Sufficient unto each day is the evil thereof

Some not-so-good things, in no particular order:

1. Skidding into the Union Street traffic island in the rain and doing mumblehundredworth of damage to one’s very great friend’s car while he is in darkest Africa saving the world via welding

2. Getting to November 25 with less than 25,000 words of NaNoWriMo under one’s belt

3. Having the sole of one’s current favourite shoes start to peel off

Some mighty nice things, in no particular order:

1. The pleasing facial expression adopted by one’s current favourite shoes as their sole starts to peel off (sort of a cross between Audrey II and a greenlipped mussel)

2. Write or Die, srsly. One can do 1,000 words in twenty minutes

3. Having a boy person friend who allows one to perform minor surgery on him with tweezers

4. Reading one’s blog stats. A few weeks ago the only search terms were related to Angel and Buffy, but recently they have included searches for “steampunk”, “Claire Danes”, and my personal favourite, “streep teas preteen video”

5. Finishing one’s final Pilates certification written exams (total time, about 11 hours)

Therefore:

1. Life, on balance, is pretty much peachy

More things I love about my job

  • I get to drive past Random House Books, which has a pleasing sign out the front, viz:

  • The cars have remote locking and flash their lights — simple pleasures, I know
  • When I am early I can get a tiny burger from Burger Fuel
  • Or a Thai meal
  • Though I have never done so
  • There are actual magazines in the staffroom, with covers and actual words, like North & South and Mindfood and so on, rather than tattered stripped copies of Truth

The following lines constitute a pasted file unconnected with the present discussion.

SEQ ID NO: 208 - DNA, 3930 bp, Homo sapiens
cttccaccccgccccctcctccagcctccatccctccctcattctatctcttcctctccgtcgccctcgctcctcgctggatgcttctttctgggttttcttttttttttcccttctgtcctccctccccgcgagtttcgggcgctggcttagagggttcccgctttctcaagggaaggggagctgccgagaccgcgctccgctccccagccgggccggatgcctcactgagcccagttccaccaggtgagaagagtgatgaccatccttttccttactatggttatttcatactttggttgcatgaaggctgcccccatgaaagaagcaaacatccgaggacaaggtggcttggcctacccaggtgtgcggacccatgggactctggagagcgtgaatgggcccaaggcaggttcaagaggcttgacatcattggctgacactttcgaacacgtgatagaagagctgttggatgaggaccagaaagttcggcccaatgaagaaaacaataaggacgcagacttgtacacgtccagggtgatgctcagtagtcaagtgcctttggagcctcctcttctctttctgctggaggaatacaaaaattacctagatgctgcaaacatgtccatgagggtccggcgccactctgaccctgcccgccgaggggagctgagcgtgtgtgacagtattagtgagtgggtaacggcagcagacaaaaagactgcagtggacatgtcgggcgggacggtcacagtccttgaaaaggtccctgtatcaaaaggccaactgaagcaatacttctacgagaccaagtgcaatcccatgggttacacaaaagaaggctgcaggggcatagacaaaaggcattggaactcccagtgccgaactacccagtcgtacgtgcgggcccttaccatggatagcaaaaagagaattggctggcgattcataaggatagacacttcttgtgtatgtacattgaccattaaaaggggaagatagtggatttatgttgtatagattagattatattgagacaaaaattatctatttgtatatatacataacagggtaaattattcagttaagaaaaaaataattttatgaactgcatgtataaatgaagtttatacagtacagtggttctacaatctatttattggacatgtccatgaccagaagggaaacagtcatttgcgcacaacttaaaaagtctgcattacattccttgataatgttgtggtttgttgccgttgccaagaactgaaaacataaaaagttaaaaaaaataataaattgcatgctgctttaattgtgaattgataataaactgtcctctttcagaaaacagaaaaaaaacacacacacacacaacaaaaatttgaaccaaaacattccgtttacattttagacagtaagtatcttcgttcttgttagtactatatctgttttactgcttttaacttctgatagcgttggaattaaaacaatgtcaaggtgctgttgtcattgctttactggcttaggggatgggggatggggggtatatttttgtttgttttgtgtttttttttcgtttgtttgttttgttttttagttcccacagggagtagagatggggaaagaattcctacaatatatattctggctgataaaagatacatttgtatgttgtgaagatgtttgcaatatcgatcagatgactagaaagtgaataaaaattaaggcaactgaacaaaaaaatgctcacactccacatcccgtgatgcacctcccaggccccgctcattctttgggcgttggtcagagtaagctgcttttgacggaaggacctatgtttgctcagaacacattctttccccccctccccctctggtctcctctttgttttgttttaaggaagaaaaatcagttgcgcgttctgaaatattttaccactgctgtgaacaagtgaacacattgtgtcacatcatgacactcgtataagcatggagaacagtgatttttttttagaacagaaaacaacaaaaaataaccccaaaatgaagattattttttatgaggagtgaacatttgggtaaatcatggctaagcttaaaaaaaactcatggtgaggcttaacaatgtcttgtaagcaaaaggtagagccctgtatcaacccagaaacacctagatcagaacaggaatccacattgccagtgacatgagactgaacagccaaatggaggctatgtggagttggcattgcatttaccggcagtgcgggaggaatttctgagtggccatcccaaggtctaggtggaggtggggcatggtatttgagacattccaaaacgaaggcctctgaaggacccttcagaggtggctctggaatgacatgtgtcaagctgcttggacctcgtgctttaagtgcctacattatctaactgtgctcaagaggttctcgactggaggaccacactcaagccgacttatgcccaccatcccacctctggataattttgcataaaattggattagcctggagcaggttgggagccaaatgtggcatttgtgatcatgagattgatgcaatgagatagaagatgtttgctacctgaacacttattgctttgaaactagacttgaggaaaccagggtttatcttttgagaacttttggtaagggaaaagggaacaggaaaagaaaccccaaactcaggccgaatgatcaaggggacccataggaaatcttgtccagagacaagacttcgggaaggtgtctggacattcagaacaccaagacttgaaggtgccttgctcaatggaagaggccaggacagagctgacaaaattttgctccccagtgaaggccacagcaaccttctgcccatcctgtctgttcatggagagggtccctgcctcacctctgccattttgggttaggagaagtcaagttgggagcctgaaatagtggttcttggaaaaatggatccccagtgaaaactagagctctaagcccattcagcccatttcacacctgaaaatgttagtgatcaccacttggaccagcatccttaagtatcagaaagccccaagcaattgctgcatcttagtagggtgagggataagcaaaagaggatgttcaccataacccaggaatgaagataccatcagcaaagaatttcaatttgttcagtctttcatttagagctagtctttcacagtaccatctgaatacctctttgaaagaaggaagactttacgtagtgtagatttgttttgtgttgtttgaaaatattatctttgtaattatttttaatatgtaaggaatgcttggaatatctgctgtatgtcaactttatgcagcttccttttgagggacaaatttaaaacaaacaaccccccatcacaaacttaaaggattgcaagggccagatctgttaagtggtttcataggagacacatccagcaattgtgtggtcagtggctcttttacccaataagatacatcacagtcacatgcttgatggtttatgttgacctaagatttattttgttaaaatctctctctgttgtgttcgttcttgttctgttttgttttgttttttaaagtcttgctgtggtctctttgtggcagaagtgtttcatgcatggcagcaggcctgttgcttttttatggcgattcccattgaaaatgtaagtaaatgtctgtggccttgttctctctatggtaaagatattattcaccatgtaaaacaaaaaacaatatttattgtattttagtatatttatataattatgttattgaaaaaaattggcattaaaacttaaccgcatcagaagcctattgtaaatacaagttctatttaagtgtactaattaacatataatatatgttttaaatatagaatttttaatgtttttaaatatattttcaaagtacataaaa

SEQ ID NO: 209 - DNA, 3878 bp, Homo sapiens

• Other staff encourage me to leave humorous messages on the whiteboards
  • I get to sing in the car

NaNoWriMo ploughs ahead

The thing about NaNoWriMo is that it is vital not to stop. Industrious bods who write every single day need only bash out 1,667 words a pop in order to reach their 50,000 by the end of the month. Lazy people who get sidetracked, on the other hand, have a harder time of it: their wordcount goal creeps up and up by the day until they write themselves — or, rather, fail to write themselves — into an untenable situation, and are forced to either give up in ignominy or chuck a sickie and do 18,000 words on the last day of November.

Neither of these is an option that Betty will have the liberty of taking, and consequently Betty has been forced to repent of her previous ways and start writing in good earnest. Fortunately, she has one more week of the cushy cable-watching job, which takes care of writing time on Mondays and Tuesdays; Wednesday nights has been free for the past two weeks, due to the rest of the student group having exams, and so Betty has managed to hunker down in the Borders cafe with a sizable array of other November novelists, which is terribly good for the wordcount; Thursdays afford a certain amount of time between leaving the studio and starting at the third job, which also has some free time built into it, hence all the blogging. Fridays are a little tricky. Tomorrow will include a lateish client, which will mean that writing will only start in the middle of the afternoon. The weekend involves the third job, and plenty of time between client visits and non-clinical notes.

For the readers’ amusement, Betty will hereby enclose the official NaNoWriMo graph widget as of this morning. The red bars indicate absolute slothfulness; the green bits are writing; and the grey bits are writing that actually fulfilled the wordcount. Note that the red bits get added to the wordcount goals in the future. Note also, in case any reader is alarmed, that the wordcount at the time of posting is 19,034, which means that the end is in sight: Betty can do it.

Kinda. I hope. Stay tuned.